The Pepsi Pulse 2014 Festival Survival Guide
This weekend we’re venturing down to the stunningly-scenic Los Angeles, California for the second annual Uforia Festival to catch sets by music superstars like Becky G, Kid Cudi, Sage the Gemini, Ludacris, Nelly, and Kid Ink, to name a few. Amidst the laser shows, dancing crowds, pounding bass, and summer sunshine, it dawned on us: we must be prepared! Click through the thumbnails above on tips to not only survive, but become master of any festival.
The most crucial part of festival attendance is planning. Those who prefer a spontaneous approach might scoff at the statement, but keep in mind that every festival requires a dutifully-modest level of openness to winging it. That being said…plan ahead. The earlier you make travel arrangements, the less expensive they will be. Same goes for lodging. We’re also partial to checking weather often. You never know if rain might surprise you and your friends last minute.
Speaking of travel and lodging arrangements, it’s a good idea to make a quick budget for the trip. How much will you spend on food each day? Will you take public transportation? A basic daily budget can help minimize what we like to call “the checking account gawk” upon the arrival of your first post-festival bank statement.
The other major pillar of fest prep is packing. And for that we have one word: layers. Packing clothes that you can layer and wear in different combinations and different settings means you’ll have less to carry and a lighter bag. Plus your style will be none the worse for wear.
Prep Your Day Pack
A day pack is crucial to festival enjoyment. It has all the stuff you’ll probably need at some point throughout the day, but would be a pain to carry otherwise. We’re talking about your phone charger (most festivals have charging stations), a small blanket or towel for impromptu lounging, sunglasses, a festival map, water— you get the idea. And if you pick up any souvenirs, you’ve got a place to stash them without having to head back to your hotel room, tent, RV, car, friend’s apartment, or makeshift tree fort.
Bring a Raincoat
Chances are, the fest you’re going to might be in a place where it rains some of the time. So here’s another good festival rule: If there’s a chance of rain, it *will* rain. And if it doesn’t, hey, you’re not gonna be mad. So bring a raincoat or poncho. If you find yourself without one, do what other ingenious festival-goers have practiced since time immemorial and make an (unused, we can’t stress this enough) garbage bag poncho. Boom. Now you’re back to watching Nelly perform “Country Grammar” and all is right in the world again.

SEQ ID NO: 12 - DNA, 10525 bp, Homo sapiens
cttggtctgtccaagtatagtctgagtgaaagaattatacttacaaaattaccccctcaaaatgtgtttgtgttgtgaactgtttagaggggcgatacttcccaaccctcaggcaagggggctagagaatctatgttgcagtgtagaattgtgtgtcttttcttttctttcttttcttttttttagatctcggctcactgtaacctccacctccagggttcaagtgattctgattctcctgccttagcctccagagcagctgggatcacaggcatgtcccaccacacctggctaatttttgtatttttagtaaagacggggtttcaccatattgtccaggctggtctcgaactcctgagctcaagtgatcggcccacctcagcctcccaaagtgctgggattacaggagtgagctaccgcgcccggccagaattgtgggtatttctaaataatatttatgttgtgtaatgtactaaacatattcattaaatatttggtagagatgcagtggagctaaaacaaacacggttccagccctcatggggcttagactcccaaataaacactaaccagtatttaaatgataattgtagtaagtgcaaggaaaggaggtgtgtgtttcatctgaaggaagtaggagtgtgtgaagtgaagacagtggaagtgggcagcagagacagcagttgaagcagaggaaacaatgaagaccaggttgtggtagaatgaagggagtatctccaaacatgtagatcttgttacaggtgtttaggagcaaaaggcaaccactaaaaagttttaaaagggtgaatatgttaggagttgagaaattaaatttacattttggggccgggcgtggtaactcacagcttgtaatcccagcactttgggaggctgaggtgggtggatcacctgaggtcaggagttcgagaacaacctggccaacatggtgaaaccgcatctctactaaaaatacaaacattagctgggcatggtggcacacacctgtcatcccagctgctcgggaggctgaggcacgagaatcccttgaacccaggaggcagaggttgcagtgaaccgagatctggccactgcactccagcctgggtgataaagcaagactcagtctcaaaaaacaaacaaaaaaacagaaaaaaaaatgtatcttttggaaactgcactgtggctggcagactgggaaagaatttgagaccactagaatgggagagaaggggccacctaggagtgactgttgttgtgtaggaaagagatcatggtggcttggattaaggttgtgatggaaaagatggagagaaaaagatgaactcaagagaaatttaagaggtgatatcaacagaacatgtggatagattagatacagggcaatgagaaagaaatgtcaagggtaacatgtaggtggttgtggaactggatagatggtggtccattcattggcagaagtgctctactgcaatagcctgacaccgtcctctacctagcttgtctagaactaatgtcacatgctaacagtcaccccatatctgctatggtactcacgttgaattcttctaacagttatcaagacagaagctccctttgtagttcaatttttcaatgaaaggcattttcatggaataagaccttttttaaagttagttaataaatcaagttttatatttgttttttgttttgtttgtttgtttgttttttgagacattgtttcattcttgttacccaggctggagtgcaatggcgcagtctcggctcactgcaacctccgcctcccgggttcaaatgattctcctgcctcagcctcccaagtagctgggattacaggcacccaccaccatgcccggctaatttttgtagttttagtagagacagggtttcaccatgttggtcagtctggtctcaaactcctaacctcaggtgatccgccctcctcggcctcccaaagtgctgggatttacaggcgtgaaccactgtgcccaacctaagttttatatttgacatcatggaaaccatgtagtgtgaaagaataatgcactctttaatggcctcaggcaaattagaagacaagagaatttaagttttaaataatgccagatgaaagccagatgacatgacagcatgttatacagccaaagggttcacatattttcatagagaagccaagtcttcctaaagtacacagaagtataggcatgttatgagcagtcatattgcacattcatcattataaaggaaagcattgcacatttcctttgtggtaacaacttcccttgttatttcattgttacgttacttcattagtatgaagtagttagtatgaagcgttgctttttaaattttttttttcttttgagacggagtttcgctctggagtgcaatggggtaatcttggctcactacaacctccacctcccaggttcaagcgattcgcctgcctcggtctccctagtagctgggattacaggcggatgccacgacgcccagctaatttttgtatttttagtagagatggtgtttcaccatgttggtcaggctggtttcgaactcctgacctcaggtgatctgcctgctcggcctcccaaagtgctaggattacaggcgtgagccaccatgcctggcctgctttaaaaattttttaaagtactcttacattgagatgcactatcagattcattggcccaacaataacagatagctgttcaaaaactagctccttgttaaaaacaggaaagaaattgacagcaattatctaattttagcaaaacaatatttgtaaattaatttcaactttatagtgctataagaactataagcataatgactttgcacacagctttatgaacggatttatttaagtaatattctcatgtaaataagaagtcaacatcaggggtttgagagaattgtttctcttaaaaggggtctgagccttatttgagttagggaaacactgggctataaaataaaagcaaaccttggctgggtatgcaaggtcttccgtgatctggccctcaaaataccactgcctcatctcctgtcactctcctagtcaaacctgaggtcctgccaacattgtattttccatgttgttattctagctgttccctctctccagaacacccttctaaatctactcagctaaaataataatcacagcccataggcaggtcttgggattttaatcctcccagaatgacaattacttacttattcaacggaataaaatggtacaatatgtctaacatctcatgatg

Wear Comfortable Shoes
Nothing can mess up your experience like uncomfortable footwear. Blisters, back pain, sweaty feet—nuh uh, not dealing with that. Wear comfortable sneakers. Two pairs are a great idea, both for variety and comfort. We usually bring one heavy-duty sneaker, and one lighter pair. Just don’t bring your newest, flashiest kicks, mud might get the best of them.
Get The App
It’s 2014 so there’s an app for most things. These days, festival organizers often make apps to help their guests get the most out of their time and navigate the maze of festival grounds. If there is an app (if not, there’s always a website) you can usually find set times, venue locations, info about artists and the festival, and where to find food and drinks. The apps are pretty much always free. Uforia’s is!
Sunscreen is a good idea. Most festivals take place outdoors in warm weather, and among all the fun you’re having with your fellow attendees it can be easy to forget there’s this big thing up in the sky called the sun that wants to slowly bake you into a human lobster. Avoid serious woes later in life and protect yo' skin.
Wear Sunglasses (Optional: Croakies)
Sunglasses are another easy way to make sure your festival experience is all groovy. Like your skin the sun can damage your eyes, so it’s a good idea to protect them. They also make things easier to see (duh), and make most people look cooler, so you know, you can look cooler, too.
Optional sunglasses accessory: Croakies. Some people hate them, but if you’re worried about losing your shades, it’s an avant-garde look that does the job like nothing else. Recommended for dads or intermediate to advanced festival-goers.
The number one cause of people having a bad time or mild-to-serious medical conditions at festivals is dehydration, as has almost definitely been statistically proven somewhere at some point (if you’ve been to a concert, you know). A good rule of thumb is to always drink more water than you think you need. We like to pack a BPA-free water bottle in our day packs so we always have some at the ready.
Keep an Open Mind
As mentioned earlier, attending a festival means a certain inherent level of giving in to the unexpected. Someone taller than you may stand in front of you—make friends and see if they’ll hoist you up on their shoulders (or just let you stand in front of or next to them). Your phone might lose battery—enjoy the liberation of being unplugged like our forefathers did at concerts in the ages of yore. Sometimes the unexpected, like catching a band you’ve never heard of, becomes the highlight of your whole experience.
August 16, 2014 via Pepsi